from other people. To save my boy they must be made public. I can
foresee that he ‘will be accused of the murder of that beast Carr. I
swear that he is innocent. He knows nothing. From the grave I send out
my voice to defend him. And you are a clever man Herrick. The defence
of my poor boy I confide to you. If you do not do your best I swear to
haunt you if it be possible for the dead to return. But after all, you
are too sensible to be frightened by this ‘talk. Let me get to the
facts of the case. Those will interest you more than the ravings of a
dying woman. So I begin:–”

“I have said that Colonel Carr was a beast. I repeat ‘it. He was a
cruel tiger. Rolling in wealth, he refused ‘to give me any money. Yet
he knew that I was accustomed to luxury, and that Stephen was his
nephew. No wonder I hated the man. Again and again I implored ‘him
almost on my knees to allow me sufficient to live on. He always
refused with his sneering laugh. Often I wonder that I did not kill
him. Yet he had one good point. He had loved his sister, and out of
love for her memory, he made Stephen his heir. He also caused him to
be educated, but when that was done, he refused to ‘allow him an
income to live like a gentleman. I hated Carr for that. Even if he had
not allowed me money, still his own sister’s child should not have
felt the pinch of poverty. I love Stephen. He is a kind, good boy, and
has put up with my vile temper all these years. Now that he is rich I
hope he will marry Ida (if she does not ‘prefer you, and I do not
think that is likely), and live the happy life of a country gentleman.
My blessings on them both.

“To come to the point which I know you want to reach. On the night of
Carr’s murder I was at the rectory. It came to my ears through some
words dropped by Frisco when he was intoxicated, that Carr intended to
disinherit my son. Whom he intended to favour I do not know, nor do I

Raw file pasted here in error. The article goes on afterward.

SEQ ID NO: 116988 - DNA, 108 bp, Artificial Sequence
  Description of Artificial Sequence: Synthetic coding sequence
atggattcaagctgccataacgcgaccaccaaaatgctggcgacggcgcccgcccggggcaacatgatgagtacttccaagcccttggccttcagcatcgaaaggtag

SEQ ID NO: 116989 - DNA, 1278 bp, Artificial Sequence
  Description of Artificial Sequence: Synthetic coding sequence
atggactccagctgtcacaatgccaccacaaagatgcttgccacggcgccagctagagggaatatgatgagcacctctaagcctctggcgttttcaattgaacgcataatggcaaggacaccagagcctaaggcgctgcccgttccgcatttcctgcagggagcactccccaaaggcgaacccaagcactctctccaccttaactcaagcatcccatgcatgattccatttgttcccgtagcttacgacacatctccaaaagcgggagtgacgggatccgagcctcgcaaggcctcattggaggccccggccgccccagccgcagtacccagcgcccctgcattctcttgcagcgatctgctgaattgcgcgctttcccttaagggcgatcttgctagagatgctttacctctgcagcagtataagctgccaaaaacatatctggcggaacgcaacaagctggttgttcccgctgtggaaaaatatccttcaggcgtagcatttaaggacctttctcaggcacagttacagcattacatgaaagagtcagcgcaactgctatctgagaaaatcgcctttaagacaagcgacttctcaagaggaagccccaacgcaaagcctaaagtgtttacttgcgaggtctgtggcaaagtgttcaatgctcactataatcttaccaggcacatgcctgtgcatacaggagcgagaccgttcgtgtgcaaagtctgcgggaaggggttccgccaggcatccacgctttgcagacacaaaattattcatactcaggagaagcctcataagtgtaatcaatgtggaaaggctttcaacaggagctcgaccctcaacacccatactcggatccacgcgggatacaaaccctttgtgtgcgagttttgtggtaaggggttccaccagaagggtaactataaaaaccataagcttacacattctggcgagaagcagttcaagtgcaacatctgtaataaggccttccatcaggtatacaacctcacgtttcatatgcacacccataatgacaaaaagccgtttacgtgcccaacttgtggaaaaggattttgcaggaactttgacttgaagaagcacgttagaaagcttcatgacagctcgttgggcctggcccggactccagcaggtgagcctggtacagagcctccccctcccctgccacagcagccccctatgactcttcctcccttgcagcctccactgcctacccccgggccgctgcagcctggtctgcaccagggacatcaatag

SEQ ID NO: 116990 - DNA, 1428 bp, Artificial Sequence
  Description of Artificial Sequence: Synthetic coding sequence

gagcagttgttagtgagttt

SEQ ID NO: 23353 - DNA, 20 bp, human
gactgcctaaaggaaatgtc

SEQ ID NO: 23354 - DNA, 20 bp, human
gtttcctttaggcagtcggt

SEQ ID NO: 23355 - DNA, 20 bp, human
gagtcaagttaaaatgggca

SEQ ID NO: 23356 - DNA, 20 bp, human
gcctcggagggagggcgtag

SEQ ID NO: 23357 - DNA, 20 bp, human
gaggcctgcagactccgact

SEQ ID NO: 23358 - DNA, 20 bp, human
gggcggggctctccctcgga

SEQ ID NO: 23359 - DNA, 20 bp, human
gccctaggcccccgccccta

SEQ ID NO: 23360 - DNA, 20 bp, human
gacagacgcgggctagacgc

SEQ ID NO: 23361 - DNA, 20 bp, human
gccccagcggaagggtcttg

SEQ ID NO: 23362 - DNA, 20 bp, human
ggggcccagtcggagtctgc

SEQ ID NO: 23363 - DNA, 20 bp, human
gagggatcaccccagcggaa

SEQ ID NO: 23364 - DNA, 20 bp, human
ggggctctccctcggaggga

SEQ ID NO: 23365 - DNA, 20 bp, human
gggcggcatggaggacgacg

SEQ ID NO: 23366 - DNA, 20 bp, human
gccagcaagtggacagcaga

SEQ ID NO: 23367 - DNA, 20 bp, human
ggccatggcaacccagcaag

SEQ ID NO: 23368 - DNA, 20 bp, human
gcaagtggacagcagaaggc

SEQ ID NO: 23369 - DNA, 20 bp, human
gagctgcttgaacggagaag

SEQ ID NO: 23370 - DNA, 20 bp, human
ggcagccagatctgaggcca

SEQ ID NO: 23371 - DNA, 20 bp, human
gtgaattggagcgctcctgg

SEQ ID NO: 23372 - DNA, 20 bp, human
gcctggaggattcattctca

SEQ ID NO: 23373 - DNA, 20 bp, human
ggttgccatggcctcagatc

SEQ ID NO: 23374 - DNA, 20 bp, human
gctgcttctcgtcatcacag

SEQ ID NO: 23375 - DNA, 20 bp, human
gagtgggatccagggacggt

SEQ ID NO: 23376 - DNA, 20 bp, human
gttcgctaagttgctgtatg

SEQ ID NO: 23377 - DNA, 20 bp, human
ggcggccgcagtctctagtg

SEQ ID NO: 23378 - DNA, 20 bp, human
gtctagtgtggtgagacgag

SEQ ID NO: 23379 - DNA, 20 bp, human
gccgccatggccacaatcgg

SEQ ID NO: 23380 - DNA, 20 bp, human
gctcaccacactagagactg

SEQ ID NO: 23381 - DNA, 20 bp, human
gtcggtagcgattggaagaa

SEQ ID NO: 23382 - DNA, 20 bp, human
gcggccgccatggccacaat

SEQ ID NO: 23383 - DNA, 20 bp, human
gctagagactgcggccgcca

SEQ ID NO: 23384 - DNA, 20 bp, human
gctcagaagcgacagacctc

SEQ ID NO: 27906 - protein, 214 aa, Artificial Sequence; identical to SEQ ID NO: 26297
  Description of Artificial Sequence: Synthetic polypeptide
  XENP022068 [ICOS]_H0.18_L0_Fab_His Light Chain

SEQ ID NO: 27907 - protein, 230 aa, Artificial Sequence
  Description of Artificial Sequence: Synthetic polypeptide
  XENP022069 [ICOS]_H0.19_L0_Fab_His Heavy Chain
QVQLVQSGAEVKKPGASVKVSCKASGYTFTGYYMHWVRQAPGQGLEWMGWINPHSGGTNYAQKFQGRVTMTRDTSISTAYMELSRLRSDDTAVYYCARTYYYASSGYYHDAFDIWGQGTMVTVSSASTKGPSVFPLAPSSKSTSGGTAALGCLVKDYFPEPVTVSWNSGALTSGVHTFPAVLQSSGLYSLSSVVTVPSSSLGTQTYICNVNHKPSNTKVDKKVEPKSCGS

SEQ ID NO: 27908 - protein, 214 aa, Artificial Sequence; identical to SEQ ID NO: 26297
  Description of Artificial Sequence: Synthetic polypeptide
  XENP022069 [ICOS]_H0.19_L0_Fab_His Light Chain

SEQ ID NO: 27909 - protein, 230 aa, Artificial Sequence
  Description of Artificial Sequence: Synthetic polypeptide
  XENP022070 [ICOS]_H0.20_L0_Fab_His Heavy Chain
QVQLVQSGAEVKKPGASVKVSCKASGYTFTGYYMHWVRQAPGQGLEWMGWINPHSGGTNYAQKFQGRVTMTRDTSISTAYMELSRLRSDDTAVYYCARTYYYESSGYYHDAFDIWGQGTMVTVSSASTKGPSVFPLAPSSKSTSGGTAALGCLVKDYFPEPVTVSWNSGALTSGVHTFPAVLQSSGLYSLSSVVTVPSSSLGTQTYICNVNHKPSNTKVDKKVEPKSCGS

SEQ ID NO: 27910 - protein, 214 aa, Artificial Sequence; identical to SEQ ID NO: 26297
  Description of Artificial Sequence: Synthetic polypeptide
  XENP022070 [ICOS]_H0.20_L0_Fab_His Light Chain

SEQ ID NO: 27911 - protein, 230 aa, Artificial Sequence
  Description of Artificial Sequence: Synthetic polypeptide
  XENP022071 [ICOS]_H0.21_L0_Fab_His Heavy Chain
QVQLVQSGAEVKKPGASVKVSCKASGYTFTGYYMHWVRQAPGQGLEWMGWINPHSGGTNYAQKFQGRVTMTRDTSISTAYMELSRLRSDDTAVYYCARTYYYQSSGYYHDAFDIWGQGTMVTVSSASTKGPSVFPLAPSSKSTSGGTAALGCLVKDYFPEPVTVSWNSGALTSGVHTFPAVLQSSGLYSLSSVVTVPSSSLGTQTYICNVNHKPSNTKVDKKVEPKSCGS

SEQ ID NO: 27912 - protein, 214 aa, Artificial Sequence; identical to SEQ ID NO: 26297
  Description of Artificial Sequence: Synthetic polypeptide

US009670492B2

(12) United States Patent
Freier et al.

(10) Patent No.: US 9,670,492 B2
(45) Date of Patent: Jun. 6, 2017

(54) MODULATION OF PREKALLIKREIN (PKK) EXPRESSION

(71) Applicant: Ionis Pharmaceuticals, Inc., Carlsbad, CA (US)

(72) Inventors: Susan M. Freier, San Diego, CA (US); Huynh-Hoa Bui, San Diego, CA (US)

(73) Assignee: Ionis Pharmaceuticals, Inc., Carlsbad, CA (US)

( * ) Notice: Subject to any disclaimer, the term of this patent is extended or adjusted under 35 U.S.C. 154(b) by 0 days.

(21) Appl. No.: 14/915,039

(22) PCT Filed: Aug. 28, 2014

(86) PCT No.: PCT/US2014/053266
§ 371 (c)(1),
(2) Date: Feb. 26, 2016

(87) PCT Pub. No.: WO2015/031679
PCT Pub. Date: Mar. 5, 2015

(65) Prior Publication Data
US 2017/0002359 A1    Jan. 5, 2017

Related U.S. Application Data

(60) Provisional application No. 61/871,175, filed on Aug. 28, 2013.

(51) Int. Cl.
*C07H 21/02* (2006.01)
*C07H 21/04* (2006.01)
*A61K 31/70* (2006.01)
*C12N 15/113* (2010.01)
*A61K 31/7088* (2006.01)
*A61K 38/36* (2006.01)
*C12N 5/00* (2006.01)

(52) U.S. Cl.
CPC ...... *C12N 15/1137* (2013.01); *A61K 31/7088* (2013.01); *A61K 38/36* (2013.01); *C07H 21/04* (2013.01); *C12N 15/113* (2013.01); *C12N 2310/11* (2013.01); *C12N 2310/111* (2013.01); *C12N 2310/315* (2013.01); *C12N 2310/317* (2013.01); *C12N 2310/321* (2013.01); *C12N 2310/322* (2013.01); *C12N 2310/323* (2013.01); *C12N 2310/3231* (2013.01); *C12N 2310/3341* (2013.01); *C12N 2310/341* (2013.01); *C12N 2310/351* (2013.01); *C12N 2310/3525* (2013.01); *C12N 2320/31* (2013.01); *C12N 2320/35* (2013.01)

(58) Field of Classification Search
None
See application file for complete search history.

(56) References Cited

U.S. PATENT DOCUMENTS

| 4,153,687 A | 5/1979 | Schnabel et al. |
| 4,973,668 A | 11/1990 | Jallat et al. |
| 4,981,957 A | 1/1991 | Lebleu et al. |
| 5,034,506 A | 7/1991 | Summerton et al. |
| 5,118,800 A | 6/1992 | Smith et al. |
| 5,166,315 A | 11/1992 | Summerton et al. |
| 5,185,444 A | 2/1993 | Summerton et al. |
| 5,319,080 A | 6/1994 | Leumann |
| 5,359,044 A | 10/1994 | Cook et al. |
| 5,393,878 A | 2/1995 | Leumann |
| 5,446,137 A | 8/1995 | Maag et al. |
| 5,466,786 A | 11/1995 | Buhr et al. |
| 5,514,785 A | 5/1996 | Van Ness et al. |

care. But I could not stand meekly by and see the lad robbed of what
was righteously his own. I went into Saxham that afternoon to see Carr
and to remonstrate against his committing the monstrous injustice he
contemplated. He saw me with the greatest coolness and behaved quite
in accordance with his character. In vain did I point out that Stephen
was the sole living representative of his blood, and was entitled by
law to the property. Carr said that he had another relative living; a
cousin descended from an uncle of his, who had been turned out of
doors by his grandfather. This uncle had married in America, and had
died, leaving a daughter who married a Yankee. It was the son of this
daughter to whom Carr referred as his cousin. Furthermore he declared
that his cousin had a son about the age of my Stephen. I asked him if
he intended to leave the property to this cousin and his brat. But
this he denied. He said that he had made the money himself and would
leave it to whomsoever he pleased. In a word he defied me. I was
helpless. I could do nothing, and that afternoon I left ‘The Pines’
mad with rage, after a threat to kill Carr. Needless to say he laughed
at my threat.

“Why did I not kill him then you will ask? Because I wanted to give
the man one last chance. I warned him that I would shoot him if he
persisted in his injustice. I said that I would return that evening
for my answer. Then I went to the rectory and had dinner with Pentland

“Here, my dear Herrick, I may state that I had brought a pistol with
me–or rather a revolver. It belonged to Stephen who at one time had a
craze for shooting. The revolver was put away in its case, which was
on the mantelpiece of his study. I remembered that it was there, and
on looking I found that all six chambers were loaded. I knew that
Stephen never troubled about the weapon, so I took it with me to ‘The
Pines.’ But on that afternoon I did not use it. Carr, I said to
myself, should have his chance.

“Stephen was to come to the rectory for me about nine. Some time
before that I told Corn that I would go to the Carr Arms to meet
Stephen, but I intended to go to ‘The Pines;’ Corn never suspected my
intention. I went quickly up to ‘The Pines’ shortly before nine. I
found no one in the lower part of the house. Frisco, I suppose was
sleeping off his drunken fit, as I heard from Napper that he had been